Do you have a favorite artwork or wing here? I have to say the Greek Antiquities. I’ve always very much adored looking at the sculptures and seeing them from so many different angles. I love how the mythology is represented, and how they created the characters.


Jean-Michel Auclair and Cecile Auclair. Photo: Devorah Lauter

Jean-Michel Auclair and Cecile Auclair. Photo: Devorah Lauter

Jean-Michel Auclair, 56  and Cecile Auclair, 25

Why did you decide to visit the Louvre today? [Jean-Michel] To celebrate the opening. That said, we’re wondering why it was ever closed, because you’ll notice there are fewer people here than in a supermarket. Plus, we’re not touching anything, versus at a supermarket where you touch lots of things. They could have opened it with really tight restrictions, like this, for example.

What was it like to have the Mona Lisa practically to yourselves? [Cecile] We’re happy, because we could get close without any problem, and we’ve never seen her like this.

[Jean-Michel] I used to come to the Louvre regularly, when it was open, but I didn’t come to see the Mona Lisa in particular, because there are other things to see.

Do you have a favorite art piece here? Yes, Théodore Géricault’s The Raft of the Medusa. It’s a painting I knew about before I saw it, and when I came to the Louvre for the first time, a long time ago, I was struck by its dimensions, which I didn’t expect. Its story has always fascinated me, and its composition pulls me right into the heart of this tragic scene. I feel both that I want to be rescued along with the survivors, but also to share in their dramatic experience.


Esdras Ribeiro and Manuela. Photo: Devorah Lauter.

Esdras Ribeiro, 43 and Manuela, 8

Why did you decide to visit the Louvre today? [Manuela] My dad wanted to show me all these paintings.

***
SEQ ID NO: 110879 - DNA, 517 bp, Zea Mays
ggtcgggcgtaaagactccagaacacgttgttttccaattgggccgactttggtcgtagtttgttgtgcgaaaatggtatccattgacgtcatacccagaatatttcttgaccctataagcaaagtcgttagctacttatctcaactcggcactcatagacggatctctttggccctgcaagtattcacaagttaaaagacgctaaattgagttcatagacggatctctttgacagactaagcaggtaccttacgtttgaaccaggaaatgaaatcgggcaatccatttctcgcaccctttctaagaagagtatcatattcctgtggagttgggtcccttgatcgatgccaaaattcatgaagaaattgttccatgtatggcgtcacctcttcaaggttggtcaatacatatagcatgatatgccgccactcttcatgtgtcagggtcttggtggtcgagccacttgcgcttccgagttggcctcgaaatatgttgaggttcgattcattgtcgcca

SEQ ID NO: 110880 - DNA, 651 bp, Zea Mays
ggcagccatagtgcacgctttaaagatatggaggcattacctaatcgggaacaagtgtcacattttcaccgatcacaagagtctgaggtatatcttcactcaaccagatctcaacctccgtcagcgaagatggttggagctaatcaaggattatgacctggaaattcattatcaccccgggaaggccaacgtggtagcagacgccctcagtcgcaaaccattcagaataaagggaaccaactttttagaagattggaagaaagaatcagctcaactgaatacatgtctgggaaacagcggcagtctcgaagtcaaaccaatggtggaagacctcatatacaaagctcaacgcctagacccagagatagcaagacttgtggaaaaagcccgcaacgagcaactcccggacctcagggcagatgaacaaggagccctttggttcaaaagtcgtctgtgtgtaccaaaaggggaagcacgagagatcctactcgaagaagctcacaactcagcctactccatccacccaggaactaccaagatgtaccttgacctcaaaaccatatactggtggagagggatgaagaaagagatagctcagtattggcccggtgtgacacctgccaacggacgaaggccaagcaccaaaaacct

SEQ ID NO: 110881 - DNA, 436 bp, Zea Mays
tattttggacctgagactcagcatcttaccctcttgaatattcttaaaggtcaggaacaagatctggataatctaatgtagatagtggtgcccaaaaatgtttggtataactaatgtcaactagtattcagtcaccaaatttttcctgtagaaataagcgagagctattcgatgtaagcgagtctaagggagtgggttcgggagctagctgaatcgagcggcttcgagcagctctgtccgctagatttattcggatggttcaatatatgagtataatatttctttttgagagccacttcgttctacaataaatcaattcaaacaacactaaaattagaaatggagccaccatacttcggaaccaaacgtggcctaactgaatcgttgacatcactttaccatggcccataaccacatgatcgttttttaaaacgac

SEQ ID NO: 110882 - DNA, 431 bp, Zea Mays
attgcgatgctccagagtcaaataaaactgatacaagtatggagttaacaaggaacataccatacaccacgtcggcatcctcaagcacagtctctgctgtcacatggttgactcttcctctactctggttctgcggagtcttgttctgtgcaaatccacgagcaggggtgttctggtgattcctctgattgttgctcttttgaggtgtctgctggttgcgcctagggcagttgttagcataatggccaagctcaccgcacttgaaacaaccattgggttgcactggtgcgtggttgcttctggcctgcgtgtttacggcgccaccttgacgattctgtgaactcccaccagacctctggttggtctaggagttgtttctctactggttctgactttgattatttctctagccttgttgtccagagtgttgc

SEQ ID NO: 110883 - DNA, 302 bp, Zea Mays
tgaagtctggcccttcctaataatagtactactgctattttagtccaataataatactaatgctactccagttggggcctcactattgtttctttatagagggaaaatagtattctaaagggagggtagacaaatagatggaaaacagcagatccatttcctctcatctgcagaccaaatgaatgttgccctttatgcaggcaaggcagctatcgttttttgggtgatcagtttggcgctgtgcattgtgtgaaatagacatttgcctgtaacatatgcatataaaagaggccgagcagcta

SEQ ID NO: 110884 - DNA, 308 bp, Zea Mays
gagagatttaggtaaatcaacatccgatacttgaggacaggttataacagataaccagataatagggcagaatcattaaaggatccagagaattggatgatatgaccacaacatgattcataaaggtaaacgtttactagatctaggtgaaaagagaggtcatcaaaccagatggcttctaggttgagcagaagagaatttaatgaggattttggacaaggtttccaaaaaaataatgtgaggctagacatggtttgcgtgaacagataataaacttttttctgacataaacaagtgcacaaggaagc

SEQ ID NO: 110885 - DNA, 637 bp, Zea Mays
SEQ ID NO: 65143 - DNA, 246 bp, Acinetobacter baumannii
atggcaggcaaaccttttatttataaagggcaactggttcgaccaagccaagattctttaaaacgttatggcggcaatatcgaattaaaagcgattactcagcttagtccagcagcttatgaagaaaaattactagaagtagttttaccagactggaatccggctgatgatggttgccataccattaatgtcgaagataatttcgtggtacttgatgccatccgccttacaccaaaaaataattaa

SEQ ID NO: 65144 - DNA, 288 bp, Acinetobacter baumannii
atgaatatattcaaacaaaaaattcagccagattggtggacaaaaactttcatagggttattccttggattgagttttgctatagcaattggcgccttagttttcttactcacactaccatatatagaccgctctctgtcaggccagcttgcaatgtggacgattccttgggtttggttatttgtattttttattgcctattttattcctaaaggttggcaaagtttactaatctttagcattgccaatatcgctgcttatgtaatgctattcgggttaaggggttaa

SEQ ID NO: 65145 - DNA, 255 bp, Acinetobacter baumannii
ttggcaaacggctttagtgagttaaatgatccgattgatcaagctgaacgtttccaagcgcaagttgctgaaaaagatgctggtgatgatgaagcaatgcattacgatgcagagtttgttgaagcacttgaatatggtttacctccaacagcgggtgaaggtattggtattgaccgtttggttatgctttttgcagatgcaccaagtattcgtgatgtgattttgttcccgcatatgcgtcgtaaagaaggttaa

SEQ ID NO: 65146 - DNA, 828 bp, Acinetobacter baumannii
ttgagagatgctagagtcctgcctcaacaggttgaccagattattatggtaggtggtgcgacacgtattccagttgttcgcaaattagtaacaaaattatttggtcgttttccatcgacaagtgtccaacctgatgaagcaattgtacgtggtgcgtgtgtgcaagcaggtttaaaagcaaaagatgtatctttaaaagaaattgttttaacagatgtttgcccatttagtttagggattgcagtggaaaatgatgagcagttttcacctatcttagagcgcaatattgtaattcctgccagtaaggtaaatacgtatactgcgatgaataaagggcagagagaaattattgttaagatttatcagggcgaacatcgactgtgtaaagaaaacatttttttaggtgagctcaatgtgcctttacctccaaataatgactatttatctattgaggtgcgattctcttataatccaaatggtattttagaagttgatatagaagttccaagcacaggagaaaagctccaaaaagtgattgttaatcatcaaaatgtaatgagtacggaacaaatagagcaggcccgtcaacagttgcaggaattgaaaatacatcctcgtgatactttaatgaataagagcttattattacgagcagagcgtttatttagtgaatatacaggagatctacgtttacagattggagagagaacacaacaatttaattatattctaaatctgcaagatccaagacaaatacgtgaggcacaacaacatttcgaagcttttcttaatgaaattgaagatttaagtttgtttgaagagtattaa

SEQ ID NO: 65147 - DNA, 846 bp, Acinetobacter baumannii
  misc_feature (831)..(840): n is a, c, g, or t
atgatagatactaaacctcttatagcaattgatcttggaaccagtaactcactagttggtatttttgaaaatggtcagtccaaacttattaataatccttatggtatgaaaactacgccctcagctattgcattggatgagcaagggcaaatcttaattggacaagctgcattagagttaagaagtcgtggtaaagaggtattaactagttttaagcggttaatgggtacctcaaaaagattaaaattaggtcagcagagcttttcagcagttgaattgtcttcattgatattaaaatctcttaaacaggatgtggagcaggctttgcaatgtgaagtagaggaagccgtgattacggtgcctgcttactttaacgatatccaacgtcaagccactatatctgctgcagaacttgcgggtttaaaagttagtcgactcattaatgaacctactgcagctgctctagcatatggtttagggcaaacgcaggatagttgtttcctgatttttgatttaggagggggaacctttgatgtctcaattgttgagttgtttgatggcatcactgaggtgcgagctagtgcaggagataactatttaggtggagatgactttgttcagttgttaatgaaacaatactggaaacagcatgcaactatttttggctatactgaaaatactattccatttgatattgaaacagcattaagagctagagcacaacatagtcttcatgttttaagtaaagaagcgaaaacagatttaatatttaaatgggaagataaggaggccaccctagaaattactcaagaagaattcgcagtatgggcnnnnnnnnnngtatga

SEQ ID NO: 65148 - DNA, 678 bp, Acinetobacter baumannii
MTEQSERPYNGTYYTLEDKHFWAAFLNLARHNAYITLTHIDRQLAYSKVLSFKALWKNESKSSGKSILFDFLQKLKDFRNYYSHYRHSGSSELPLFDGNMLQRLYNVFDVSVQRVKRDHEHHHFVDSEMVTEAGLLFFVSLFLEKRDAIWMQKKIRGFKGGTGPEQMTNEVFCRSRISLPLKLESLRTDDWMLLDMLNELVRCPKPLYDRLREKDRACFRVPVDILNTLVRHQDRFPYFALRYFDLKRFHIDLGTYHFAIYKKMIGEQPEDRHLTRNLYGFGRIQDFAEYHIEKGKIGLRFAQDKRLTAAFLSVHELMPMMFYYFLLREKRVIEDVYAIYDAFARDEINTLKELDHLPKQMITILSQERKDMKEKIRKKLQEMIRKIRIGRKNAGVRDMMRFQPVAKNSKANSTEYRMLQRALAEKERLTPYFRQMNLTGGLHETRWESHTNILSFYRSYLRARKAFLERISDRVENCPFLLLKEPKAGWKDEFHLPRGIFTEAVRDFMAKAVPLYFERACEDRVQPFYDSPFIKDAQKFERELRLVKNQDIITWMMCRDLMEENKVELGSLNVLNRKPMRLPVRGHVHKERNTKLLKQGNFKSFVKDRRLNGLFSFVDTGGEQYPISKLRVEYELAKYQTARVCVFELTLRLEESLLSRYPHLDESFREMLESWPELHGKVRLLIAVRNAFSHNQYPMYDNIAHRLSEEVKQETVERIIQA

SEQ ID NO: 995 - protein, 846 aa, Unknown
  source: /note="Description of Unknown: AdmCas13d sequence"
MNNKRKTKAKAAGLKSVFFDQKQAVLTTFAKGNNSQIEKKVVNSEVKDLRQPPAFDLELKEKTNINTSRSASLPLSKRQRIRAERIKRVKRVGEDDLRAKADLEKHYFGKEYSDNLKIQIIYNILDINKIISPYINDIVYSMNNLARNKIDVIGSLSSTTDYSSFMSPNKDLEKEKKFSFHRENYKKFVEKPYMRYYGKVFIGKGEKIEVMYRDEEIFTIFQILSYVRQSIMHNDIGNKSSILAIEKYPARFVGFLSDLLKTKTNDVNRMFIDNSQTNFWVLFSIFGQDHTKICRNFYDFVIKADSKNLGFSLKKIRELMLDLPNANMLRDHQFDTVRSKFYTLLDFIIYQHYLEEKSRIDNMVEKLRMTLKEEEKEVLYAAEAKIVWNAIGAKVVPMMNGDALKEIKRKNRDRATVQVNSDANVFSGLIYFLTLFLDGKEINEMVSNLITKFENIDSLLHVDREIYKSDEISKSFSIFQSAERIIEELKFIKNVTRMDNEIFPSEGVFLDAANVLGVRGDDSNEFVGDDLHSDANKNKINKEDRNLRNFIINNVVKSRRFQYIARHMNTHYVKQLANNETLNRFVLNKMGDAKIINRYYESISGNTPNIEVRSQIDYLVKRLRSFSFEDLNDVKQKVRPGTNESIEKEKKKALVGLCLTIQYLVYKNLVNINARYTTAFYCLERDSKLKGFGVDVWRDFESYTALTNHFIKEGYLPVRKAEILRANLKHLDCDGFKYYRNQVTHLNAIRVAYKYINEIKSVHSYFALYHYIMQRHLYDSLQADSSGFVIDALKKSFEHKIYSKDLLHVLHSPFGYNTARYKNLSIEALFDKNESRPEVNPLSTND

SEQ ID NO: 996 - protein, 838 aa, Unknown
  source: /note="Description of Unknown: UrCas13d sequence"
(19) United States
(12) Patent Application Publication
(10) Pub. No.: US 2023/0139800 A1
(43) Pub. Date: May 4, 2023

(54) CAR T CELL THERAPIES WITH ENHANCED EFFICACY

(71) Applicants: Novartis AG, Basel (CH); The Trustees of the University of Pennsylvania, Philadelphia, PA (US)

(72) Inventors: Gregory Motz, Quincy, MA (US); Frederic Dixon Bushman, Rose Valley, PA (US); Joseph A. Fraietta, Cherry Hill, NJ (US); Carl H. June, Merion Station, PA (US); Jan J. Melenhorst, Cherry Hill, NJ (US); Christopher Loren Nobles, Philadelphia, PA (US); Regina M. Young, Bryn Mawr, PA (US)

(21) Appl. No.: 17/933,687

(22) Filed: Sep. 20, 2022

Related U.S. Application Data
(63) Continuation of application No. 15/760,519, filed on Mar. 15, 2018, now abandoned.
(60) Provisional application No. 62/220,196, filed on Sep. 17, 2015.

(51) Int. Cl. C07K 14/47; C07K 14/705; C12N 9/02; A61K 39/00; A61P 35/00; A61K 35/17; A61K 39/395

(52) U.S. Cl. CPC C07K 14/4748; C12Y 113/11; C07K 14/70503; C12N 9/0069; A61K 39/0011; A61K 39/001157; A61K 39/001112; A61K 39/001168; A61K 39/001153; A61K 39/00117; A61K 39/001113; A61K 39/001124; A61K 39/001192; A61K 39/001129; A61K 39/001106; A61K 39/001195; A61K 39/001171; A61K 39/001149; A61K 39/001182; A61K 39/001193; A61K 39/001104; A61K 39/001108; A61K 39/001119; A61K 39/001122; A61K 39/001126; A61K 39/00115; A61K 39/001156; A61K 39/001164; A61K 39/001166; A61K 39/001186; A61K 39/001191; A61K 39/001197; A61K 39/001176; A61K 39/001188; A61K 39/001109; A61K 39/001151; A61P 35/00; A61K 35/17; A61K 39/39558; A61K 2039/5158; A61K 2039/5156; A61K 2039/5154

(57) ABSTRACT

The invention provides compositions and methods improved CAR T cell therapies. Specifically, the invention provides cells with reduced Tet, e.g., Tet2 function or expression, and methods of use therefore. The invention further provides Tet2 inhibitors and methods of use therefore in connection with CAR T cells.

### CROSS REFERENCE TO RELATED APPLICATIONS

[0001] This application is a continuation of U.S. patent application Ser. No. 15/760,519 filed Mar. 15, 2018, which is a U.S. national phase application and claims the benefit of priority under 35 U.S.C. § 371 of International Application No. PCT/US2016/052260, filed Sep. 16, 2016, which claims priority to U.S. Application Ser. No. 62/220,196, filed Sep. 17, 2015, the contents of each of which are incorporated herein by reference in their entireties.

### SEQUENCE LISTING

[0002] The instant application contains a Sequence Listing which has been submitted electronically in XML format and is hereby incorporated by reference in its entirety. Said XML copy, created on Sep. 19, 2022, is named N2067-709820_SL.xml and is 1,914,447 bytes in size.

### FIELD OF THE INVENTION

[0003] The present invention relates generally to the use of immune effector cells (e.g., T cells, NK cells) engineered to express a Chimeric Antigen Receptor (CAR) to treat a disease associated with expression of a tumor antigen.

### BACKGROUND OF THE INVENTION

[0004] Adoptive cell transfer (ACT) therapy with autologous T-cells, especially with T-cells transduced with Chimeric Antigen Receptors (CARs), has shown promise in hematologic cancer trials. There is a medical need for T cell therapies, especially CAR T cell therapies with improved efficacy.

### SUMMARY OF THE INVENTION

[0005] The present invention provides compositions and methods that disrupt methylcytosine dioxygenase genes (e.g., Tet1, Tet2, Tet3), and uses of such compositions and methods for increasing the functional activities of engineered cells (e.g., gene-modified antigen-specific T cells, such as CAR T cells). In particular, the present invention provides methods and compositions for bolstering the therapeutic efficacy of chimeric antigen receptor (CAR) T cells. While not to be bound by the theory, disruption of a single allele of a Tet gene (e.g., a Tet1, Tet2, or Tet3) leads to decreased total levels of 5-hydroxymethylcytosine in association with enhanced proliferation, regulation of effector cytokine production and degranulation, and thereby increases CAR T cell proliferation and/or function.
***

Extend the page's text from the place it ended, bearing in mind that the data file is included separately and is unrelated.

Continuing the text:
Do you come here often? [Esdras] whenever family or friends come to visit, we take them here. 

What did you miss most about being in museums? [Esdras] Contact with culture—we were so closed-in for so long. I even took a day off of work to come.

Did you take advantage of some of the online shows and content museums are offering? [Esdras] It’s complicated. I don’t really like seeing art that way. It’s like with film. I need to be in a movie theater—it’s not the same as seeing a movie at home.


Valérie Laribi and Michele Legay. Photo: Devorah Lauter.

Valérie Laribi and Michele Legay. Photo: Devorah Lauter.

Valérie Laribi, 51 and Michele Legay, 73

Why did you decide to visit the Louvre today? [Michele] We live near Paris, and usually we don’t come to the Louvre, because there are too many people, and tons of tourists. So we waited with impatience for the opening, and instead of going to [newly opened] bars and cafés, we booked our tickets to the Louvre as soon as we could. It’s been a long time since we’ve been here.

[Valérie] This was a once-in-a-lifetime chance to come before the tourists get here, because borders are still closed to a lot of countries. We didn’t hesitate. I haven’t been here in over 40 years.

What was it like to see the Mona Lisa on her own? [Valérie] It was a strange feeling. [Michele] A pleasure! But there wasn’t just La Joconde [Mona Lisa], there was also the Winged Victory of Samothrace, the Venus de Milo—some of my favorites. And we started with the Antiquities, the Egyptian, Roman, Greek galleries—everything that tourists normally flock to. There are a lot of treasures here. It’s immense. 

[Valérie] You need a week.